[3] Health data covers three main areas: data on access to healthcare; data on quality/outcomes of healthcare; data on cost/utilization of healthcare service.

[i] The Impact of Health on Worker Attendance and Productivity in the APEC Region, VISES, July 2014

[ii] Cost of Early Retirement due to Ill Health, Victoria Institute of Strategic Economic Studies Victoria University, Melbourne July 2015

[iii] Background Paper  First Universal Health Coverage Financing Forum Raising Funds for Health http://pubdocs.worldbank.org/en/103621460561160053/DRM-policy-note-041216-clean.pdf

[iv] Background Paper  First Universal Health Coverage Financing Forum Raising Funds for Health http://pubdocs.worldbank.org/en/103621460561160053/DRM-policy-note-041216-clean.pdf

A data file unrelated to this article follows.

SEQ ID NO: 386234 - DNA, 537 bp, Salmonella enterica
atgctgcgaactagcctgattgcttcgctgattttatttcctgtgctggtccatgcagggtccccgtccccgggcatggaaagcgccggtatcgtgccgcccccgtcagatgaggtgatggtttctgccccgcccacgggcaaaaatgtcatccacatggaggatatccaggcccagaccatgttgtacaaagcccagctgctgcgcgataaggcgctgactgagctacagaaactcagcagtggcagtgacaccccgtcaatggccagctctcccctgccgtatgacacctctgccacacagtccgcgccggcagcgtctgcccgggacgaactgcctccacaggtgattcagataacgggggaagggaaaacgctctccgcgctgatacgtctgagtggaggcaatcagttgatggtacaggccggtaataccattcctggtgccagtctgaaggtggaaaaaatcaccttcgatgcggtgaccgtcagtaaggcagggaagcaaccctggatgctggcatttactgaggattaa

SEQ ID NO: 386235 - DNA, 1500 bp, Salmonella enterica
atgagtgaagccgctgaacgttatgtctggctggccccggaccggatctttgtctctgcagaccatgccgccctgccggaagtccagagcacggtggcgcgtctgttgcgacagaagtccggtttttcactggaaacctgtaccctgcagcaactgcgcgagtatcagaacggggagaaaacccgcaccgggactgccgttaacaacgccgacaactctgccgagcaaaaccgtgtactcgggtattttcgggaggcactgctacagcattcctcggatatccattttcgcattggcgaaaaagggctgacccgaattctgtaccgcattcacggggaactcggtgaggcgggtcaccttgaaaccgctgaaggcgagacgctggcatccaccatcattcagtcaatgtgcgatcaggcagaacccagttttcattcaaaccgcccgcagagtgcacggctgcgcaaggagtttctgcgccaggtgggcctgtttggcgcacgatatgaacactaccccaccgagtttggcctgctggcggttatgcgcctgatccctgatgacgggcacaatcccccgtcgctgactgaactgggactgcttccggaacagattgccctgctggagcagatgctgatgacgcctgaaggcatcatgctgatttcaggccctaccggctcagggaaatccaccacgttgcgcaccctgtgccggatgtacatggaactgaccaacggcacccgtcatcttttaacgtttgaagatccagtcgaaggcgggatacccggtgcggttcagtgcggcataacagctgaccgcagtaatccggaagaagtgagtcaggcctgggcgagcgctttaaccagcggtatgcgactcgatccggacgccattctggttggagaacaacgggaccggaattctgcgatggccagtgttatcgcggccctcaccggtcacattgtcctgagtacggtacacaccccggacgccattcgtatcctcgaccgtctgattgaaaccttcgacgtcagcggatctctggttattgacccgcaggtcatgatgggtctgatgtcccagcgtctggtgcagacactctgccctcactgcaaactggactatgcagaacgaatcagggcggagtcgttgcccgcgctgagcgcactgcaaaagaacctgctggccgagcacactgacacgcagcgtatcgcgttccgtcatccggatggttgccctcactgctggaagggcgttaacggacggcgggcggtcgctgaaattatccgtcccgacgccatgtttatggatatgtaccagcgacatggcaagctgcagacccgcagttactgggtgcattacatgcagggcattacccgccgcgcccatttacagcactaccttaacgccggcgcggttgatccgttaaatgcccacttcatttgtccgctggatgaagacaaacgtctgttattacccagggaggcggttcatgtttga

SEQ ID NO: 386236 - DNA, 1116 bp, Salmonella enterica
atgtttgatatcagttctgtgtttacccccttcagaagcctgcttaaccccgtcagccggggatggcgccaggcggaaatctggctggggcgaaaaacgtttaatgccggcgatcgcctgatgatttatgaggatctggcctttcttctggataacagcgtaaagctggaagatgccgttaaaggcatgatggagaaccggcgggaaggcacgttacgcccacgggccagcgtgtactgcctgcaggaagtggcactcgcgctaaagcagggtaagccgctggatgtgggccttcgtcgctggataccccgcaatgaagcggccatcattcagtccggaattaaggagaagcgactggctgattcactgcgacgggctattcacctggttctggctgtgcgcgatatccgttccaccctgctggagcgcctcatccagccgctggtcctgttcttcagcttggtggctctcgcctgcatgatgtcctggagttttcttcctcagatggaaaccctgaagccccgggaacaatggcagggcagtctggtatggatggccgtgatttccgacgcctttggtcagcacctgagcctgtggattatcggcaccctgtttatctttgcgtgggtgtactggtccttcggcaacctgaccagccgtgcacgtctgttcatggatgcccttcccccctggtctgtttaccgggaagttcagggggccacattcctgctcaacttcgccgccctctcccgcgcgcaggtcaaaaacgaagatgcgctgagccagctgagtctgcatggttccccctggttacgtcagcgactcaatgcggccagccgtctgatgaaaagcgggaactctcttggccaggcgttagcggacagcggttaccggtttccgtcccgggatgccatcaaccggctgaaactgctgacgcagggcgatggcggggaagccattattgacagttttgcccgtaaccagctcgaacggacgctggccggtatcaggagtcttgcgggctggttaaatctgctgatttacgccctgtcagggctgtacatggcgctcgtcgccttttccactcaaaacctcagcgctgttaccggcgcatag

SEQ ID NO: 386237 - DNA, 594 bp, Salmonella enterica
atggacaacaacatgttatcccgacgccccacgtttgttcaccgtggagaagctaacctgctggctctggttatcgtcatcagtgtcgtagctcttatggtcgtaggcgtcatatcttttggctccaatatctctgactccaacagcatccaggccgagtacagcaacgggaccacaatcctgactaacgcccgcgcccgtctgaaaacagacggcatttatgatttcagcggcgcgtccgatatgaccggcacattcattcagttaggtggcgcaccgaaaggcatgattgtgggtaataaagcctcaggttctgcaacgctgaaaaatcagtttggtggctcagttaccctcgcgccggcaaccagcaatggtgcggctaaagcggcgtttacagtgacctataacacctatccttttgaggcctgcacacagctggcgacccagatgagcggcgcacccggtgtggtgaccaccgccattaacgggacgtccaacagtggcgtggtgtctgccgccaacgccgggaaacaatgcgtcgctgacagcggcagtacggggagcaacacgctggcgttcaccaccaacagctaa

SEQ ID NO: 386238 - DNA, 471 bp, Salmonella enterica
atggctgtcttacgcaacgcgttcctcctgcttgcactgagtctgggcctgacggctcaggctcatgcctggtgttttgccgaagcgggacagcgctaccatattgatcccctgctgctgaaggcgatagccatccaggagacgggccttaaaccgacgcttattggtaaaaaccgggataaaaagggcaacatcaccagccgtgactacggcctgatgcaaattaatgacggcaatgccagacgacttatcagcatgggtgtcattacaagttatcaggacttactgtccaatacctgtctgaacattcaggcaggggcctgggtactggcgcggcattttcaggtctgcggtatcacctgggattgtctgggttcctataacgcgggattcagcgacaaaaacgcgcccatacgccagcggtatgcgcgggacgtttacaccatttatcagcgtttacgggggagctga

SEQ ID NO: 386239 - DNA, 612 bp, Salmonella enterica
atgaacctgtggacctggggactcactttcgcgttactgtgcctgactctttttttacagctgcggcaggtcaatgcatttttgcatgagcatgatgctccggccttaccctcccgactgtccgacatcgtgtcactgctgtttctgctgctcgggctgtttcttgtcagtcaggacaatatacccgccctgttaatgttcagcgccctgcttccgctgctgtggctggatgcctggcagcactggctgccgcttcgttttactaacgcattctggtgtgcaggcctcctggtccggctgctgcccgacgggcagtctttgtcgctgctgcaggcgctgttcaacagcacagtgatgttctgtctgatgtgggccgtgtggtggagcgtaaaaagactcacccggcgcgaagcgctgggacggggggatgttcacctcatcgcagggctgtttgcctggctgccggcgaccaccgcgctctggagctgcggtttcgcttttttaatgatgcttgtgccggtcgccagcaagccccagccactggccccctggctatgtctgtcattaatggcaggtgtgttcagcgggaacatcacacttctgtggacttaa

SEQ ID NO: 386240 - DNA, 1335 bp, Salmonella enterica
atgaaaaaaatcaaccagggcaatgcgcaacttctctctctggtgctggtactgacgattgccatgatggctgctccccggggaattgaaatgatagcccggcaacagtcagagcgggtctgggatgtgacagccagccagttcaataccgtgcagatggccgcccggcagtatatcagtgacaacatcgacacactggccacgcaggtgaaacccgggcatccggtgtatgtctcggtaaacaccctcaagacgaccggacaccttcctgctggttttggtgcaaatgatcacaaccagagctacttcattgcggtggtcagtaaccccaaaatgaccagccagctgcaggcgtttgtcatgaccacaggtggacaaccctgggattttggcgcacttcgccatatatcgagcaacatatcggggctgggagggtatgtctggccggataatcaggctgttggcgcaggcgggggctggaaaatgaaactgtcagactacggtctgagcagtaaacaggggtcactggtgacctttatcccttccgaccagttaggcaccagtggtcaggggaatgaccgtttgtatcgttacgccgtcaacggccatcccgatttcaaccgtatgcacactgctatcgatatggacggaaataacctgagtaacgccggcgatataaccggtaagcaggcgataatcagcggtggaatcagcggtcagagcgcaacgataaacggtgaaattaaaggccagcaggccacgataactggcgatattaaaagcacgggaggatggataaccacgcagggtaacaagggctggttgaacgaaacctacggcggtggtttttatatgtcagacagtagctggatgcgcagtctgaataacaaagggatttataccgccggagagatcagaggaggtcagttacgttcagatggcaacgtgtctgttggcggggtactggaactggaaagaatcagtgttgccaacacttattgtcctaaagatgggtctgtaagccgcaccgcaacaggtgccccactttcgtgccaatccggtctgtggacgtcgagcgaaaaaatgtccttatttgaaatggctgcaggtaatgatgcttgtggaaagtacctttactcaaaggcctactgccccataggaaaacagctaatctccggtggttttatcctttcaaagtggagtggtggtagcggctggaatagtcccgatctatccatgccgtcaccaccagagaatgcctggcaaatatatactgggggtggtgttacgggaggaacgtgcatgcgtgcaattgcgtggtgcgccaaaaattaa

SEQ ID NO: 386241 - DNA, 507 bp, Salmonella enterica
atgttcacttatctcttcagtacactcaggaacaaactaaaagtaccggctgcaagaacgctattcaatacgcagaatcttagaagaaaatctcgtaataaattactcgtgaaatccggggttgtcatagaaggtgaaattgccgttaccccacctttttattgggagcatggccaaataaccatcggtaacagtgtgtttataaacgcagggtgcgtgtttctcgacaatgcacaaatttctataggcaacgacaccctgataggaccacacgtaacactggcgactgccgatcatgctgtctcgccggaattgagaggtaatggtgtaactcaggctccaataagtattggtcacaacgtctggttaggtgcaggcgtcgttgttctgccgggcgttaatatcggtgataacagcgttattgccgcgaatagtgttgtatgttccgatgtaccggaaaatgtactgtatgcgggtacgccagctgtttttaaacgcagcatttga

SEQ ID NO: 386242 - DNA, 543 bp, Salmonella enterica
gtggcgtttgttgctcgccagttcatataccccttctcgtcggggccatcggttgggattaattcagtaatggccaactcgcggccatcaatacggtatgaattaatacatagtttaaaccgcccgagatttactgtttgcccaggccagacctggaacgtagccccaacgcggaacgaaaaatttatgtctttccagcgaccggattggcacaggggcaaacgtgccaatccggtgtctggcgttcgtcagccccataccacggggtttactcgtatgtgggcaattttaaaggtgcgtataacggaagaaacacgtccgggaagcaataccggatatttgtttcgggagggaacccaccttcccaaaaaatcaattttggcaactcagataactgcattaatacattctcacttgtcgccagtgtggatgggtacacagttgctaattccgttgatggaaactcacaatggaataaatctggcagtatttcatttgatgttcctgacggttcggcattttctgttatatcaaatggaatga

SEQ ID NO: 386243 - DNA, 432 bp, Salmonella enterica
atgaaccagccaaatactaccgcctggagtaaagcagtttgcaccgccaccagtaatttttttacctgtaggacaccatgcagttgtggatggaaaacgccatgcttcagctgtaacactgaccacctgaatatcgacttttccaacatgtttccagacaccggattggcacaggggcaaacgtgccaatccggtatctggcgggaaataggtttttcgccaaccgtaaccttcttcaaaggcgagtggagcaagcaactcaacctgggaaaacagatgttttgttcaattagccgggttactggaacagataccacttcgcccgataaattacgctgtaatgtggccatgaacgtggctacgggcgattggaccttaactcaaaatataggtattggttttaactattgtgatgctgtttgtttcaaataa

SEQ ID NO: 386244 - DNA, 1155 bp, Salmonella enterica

[v] Canada and Mexico among others have clear legislative authorization for PPPs of various types allowing for transparent and fair interactions with private partners

https://ppp.worldbank.org/public-private-partnership/sub-national-and-municipal-policies-laws-and-regulations

https://www.hsph.harvard.edu/ihsg/publications/pdf/PPP-final-MDM.pdf

[vi] Protecting households from catastrophic health spending.Xu K, Evans DB, Carrin G, Aguilar-Rivera AM, Musgrove P, Evans THealth Aff (Millwood). 2007 Jul-Aug; 26(4):972-83.

[vii] Japan and Indonesia have adopted strong emphases on financial literacy through inclusion of financial education within domestic strategies. One example from Indonesia was the “Let’s Go to the Bank” campaign and other pilot projects which integrated financial literacy into elementary and junior high curricula. http://www.oecd.org/daf/fin/financialeducation/4%20WIBOWO%20Pungky%20Purnomo%20FI_Cebu%2007092012%20rev.pdf